For the simpleton, comedies can be roughly divided into four general combinations, comprised of the adjectives pointed, pointless, funny, and unfunny. There are the pointed and funny, à la “Groundhog Day,” which are generally the most effective; then there are the pointless but funny, à la “Airplane!”, and these are alright too, so long as they acknowledge their omission. On the other hand, to those behind the pointed but unfunny I say seek a different genre; to those behind the pointless and unfunny I say seek a different career.
Quite obviously, “Funny People” was designed as a funny and pointed movie; one of the clues for the former is that it features comedians, and to the latter, is that it’s about comedians. Indeed, the film works best when it sticks to its design. When it occasionally gets distracted and veers into pointless territory for the sole goal of being funny, or when it carelessly overindulges in pointed territory, is when it becomes only sporadically worthwhile.
Judd Apatow’s third and most ambitious, moralistic, thematically challenging film to date (as director) consists of two segments, classifiable as “the Prognosis,” the enjoyable one, and “the Remission”, the tedious one.
In the Prognosis, we are introduced to renowned comedian George Simmons (Adam Sandler) who is diagnosed with a type of leukemia in a late stage, his own “near-death experience” that forces him to reconsider his lifestyle. In the process he meets Ira Wright – deli worker by day, novice stand-up comedian by night – whom Simmons hires unexpectedly as a personal assistant and joke writer. Wright, whose real surname is Weiner (in a joke that is milked to no avail) slowly distances himself from his roommate-friends Leo (Jonah Hill) and Mark (Jason Schwartzman) and forms a close bond with Simmons, helping the comedian to keep a low profile and find closure with his career.
In the Remission, Simmons learns from his Dr. Lars (whose Scandinavian heritage is the subject of many jokes worthy of the trailer) that there is no longer any trace of the disease in his blood, whereupon he decides to reunite, amidst protest from Ira, with his former love interest Laura (Leslie Mann), happily married for a dozen years to an Australian, Clarke (Eric Bana).
As hinted, this much-criticized segment is indeed shaky and cannot fully decide what to do with the characters, needlessly toggling them and their motivation back and forth. Per se, gripes about length and pace are generally subjective and not valid criticisms, but the occasional imbalance of either can prove detrimental to a film, which is what happens in the burdensome Remission.
The ensemble, consisting of Apatow regulars Rogan, Hill and his wife Mann, is complemented by the additions of Sandler, Bana and Schwartzman. This interesting cast does a decent job with its personae, although there is an inevitable sense of flippancy and the “playing yourself” syndrome native to many Apatow productions. Sandler does a particularly good job with a character whose career largely mirrors his own, and what is probably his most accomplished role since 2002′s “Punch Drunk Love” is only slightly hindered by his usual annoying vocal shtick that requires some sort of restraint.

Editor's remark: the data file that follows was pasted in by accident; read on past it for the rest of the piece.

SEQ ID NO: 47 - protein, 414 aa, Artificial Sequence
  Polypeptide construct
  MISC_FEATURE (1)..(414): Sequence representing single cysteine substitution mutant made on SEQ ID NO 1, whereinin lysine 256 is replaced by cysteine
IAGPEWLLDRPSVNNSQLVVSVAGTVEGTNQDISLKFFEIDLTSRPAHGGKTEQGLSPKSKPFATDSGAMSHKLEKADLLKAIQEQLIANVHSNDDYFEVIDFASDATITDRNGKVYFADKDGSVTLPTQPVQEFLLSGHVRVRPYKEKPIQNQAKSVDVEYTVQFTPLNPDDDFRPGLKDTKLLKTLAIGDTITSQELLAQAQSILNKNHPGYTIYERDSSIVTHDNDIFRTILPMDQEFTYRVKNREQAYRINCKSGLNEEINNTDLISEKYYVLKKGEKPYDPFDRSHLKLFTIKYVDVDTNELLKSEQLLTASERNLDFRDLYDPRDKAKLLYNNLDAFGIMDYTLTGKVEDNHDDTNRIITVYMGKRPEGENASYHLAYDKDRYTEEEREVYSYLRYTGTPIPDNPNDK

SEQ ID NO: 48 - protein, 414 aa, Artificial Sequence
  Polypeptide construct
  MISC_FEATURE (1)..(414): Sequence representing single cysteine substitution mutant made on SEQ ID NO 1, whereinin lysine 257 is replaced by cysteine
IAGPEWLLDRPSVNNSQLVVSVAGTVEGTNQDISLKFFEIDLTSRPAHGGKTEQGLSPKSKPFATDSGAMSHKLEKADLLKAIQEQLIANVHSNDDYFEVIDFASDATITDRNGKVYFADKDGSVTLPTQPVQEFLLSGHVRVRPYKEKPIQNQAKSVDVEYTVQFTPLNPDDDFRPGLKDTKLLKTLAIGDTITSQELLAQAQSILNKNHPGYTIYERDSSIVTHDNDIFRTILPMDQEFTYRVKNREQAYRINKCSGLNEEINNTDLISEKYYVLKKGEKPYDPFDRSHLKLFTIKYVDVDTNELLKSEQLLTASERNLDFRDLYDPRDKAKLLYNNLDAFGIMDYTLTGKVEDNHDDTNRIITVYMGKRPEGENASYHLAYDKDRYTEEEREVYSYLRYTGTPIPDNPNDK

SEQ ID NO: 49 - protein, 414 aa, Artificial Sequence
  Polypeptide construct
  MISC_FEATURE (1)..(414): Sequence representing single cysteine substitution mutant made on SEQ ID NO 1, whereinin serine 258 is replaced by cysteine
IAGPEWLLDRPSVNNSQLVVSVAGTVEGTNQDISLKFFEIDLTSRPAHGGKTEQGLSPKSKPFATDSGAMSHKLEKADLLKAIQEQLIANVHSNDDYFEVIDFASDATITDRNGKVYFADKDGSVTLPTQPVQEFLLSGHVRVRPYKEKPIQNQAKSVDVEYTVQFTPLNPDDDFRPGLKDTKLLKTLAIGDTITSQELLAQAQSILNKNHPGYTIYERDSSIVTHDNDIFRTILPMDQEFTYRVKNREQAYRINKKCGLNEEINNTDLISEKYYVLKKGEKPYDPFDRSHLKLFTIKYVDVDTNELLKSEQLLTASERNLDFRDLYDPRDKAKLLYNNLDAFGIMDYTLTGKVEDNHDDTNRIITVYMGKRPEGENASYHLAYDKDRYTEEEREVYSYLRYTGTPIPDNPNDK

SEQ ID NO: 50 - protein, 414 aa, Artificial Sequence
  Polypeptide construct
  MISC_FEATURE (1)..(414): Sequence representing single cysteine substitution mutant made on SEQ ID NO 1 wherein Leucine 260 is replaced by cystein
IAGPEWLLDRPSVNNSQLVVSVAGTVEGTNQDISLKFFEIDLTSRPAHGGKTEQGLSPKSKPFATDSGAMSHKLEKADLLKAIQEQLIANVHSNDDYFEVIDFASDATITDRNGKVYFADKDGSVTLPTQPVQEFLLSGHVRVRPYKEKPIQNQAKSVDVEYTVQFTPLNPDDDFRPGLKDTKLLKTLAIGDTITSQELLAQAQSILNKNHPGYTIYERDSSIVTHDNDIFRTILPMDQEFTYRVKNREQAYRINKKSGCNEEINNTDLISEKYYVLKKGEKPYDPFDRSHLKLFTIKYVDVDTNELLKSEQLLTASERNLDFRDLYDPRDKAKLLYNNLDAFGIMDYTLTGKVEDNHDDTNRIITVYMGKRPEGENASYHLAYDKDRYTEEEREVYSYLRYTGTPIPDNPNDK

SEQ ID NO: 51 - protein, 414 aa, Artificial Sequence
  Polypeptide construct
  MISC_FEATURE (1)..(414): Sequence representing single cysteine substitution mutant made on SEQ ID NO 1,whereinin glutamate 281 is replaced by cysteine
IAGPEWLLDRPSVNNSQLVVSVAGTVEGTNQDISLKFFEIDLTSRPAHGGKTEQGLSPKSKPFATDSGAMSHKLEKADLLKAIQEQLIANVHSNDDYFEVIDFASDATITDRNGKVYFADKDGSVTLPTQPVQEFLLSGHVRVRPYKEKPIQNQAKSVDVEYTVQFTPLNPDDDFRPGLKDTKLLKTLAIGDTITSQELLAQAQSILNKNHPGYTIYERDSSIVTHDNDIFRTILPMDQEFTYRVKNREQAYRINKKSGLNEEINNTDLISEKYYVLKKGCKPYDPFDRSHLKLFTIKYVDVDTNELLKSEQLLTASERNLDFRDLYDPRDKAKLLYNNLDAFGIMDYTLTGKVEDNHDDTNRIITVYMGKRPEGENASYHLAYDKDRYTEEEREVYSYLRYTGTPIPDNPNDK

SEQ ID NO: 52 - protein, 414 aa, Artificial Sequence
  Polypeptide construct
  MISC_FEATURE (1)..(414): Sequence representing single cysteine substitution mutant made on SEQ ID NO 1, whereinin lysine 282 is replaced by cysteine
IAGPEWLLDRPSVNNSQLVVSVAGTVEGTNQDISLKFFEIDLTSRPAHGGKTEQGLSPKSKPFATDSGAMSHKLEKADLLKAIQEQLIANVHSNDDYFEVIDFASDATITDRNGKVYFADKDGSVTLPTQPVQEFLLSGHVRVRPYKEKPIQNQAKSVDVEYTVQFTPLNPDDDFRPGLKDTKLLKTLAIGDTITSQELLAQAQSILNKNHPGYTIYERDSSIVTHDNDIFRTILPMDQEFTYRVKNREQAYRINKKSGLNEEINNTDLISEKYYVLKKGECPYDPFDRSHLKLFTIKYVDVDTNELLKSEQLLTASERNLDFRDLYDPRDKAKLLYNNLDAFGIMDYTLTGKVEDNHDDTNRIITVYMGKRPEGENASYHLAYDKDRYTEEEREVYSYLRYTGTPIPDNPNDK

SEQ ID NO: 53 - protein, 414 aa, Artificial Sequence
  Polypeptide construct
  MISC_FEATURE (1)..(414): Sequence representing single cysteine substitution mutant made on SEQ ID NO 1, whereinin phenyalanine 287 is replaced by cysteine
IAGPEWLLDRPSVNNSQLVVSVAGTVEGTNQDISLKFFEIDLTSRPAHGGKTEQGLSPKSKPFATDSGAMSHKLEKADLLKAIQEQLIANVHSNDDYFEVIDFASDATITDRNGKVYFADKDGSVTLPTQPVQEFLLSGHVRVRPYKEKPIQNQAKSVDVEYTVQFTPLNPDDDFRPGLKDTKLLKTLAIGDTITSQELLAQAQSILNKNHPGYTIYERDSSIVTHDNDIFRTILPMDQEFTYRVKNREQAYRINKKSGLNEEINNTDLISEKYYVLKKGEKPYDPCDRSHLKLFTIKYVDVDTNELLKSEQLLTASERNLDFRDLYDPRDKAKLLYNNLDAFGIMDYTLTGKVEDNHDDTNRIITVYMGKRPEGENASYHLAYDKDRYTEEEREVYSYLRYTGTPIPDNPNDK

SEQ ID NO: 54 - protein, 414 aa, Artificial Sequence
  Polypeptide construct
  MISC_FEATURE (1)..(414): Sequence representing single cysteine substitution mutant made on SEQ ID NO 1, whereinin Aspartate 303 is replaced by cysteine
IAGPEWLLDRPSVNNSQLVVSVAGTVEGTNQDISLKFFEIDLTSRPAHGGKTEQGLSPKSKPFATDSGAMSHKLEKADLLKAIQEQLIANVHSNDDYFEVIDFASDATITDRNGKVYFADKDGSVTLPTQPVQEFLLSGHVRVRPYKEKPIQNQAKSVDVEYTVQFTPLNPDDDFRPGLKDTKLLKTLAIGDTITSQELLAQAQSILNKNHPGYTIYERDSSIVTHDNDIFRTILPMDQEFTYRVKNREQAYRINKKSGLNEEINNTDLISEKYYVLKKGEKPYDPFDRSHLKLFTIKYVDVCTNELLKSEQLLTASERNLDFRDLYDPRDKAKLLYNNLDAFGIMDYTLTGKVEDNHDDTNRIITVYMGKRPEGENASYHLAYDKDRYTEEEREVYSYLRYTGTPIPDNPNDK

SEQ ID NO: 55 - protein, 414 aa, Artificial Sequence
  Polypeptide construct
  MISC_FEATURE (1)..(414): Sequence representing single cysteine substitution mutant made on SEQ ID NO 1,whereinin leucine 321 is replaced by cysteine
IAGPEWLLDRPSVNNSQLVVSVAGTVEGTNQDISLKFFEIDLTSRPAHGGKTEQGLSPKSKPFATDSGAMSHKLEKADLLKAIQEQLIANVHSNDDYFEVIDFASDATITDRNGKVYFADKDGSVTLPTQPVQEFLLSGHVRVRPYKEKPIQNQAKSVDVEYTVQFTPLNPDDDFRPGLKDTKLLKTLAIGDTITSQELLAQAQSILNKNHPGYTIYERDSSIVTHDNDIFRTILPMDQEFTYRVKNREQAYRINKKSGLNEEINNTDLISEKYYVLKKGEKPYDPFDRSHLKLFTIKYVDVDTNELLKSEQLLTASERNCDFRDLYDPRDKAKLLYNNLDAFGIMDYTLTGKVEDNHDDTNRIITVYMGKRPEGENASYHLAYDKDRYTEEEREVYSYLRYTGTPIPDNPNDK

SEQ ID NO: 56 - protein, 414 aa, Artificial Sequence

Vulgar as it is, the coarseness of “Funny People” is surprisingly subdued, but this assessment may be slanted by the severe desensitization brought on by “Brüno.” Vulgarity is dangerous and easy to overuse: it can act as an emphasis to make good jokes more plangent, or it can be the anvil that makes bad jokes oppressively bad. In memory, most jokes here worked well, and character interactions were funnier than their fictionalized stand-up performances.
As a helmer, Apatow is better with actors than with the camera, and as a writer better with dialogue than imagery, resulting in a visually and technically standard picture, notwithstanding the presence of Janusz Kaminski, brilliant cinematographer and longtime collaborator of Steven Spielberg. The nicely framed shots fail to create a distinctive look that is admittedly not as necessary in a picture of this sort.
“Funny People” tries to reach much farther than any of Apatow’s other involvements, including his two other directorial efforts “Knocked Up” and “The 40 Year Old Virgin,” and the change in focus is already palpable in their respective titles. Third time’s not necessarily the charm in this case, however, as this steady transformation in tone, theme and gravitas brings along both vice and virtue. With these changes the narrative becomes bulkier and more difficult to handle, and there is not a complete harmony between the segments, and between the plot and subplots, and most crushingly – between the characters. Therefore, as an intended character study of “funny people” that sometimes loses control of its characters, partly to their usual male anatomy shtick when the burden of a serious production becomes too heavy, it is only marginally successful.
The seeking of new depths on Apatow’s part is commendable; it’s just that time is required for adaptation. There is no doubt that this comedic guru can learn from his shortfalls and continue creating comedies, a difficult genre to get right, that are even more pointed and funny than this one.